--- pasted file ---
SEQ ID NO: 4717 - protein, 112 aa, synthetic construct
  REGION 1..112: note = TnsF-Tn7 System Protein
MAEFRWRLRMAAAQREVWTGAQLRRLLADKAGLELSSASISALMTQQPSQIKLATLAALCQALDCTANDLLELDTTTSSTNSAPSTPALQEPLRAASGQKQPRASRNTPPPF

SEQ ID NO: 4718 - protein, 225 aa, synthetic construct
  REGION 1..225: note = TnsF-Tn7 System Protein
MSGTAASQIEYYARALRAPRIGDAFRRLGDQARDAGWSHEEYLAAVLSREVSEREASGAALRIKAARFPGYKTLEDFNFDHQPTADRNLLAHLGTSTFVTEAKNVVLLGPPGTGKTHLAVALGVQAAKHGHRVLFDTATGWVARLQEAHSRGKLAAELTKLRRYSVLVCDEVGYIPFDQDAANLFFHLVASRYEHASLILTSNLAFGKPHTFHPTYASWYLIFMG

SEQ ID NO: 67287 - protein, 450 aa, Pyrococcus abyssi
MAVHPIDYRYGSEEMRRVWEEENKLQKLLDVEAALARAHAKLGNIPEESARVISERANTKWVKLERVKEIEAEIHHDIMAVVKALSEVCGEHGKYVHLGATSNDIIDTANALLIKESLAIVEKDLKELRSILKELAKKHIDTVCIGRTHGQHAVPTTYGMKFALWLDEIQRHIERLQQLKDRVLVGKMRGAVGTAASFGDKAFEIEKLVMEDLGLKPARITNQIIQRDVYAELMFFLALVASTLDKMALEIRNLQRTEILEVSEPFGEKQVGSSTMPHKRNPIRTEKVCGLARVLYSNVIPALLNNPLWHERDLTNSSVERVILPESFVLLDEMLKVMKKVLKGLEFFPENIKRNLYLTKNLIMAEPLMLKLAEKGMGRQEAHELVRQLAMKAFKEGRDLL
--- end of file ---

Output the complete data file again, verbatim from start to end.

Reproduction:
SEQ ID NO: 4717 - protein, 112 aa, synthetic construct
  REGION 1..112: note = TnsF-Tn7 System Protein
MAEFRWRLRMAAAQREVWTGAQLRRLLADKAGLELSSASISALMTQQPSQIKLATLAALCQALDCTANDLLELDTTTSSTNSAPSTPALQEPLRAASGQKQPRASRNTPPPF

SEQ ID NO: 4718 - protein, 225 aa, synthetic construct
  REGION 1..225: note = TnsF-Tn7 System Protein
MSGTAASQIEYYARALRAPRIGDAFRRLGDQARDAGWSHEEYLAAVLSREVSEREASGAALRIKAARFPGYKTLEDFNFDHQPTADRNLLAHLGTSTFVTEAKNVVLLGPPGTGKTHLAVALGVQAAKHGHRVLFDTATGWVARLQEAHSRGKLAAELTKLRRYSVLVCDEVGYIPFDQDAANLFFHLVASRYEHASLILTSNLAFGKPHTFHPTYASWYLIFMG

SEQ ID NO: 67287 - protein, 450 aa, Pyrococcus abyssi
MAVHPIDYRYGSEEMRRVWEEENKLQKLLDVEAALARAHAKLGNIPEESARVISERANTKWVKLERVKEIEAEIHHDIMAVVKALSEVCGEHGKYVHLGATSNDIIDTANALLIKESLAIVEKDLKELRSILKELAKKHIDTVCIGRTHGQHAVPTTYGMKFALWLDEIQRHIERLQQLKDRVLVGKMRGAVGTAASFGDKAFEIEKLVMEDLGLKPARITNQIIQRDVYAELMFFLALVASTLDKMALEIRNLQRTEILEVSEPFGEKQVGSSTMPHKRNPIRTEKVCGLARVLYSNVIPALLNNPLWHERDLTNSSVERVILPESFVLLDEMLKVMKKVLKGLEFFPENIKRNLYLTKNLIMAEPLMLKLAEKGMGRQEAHELVRQLAMKAFKEGRDLL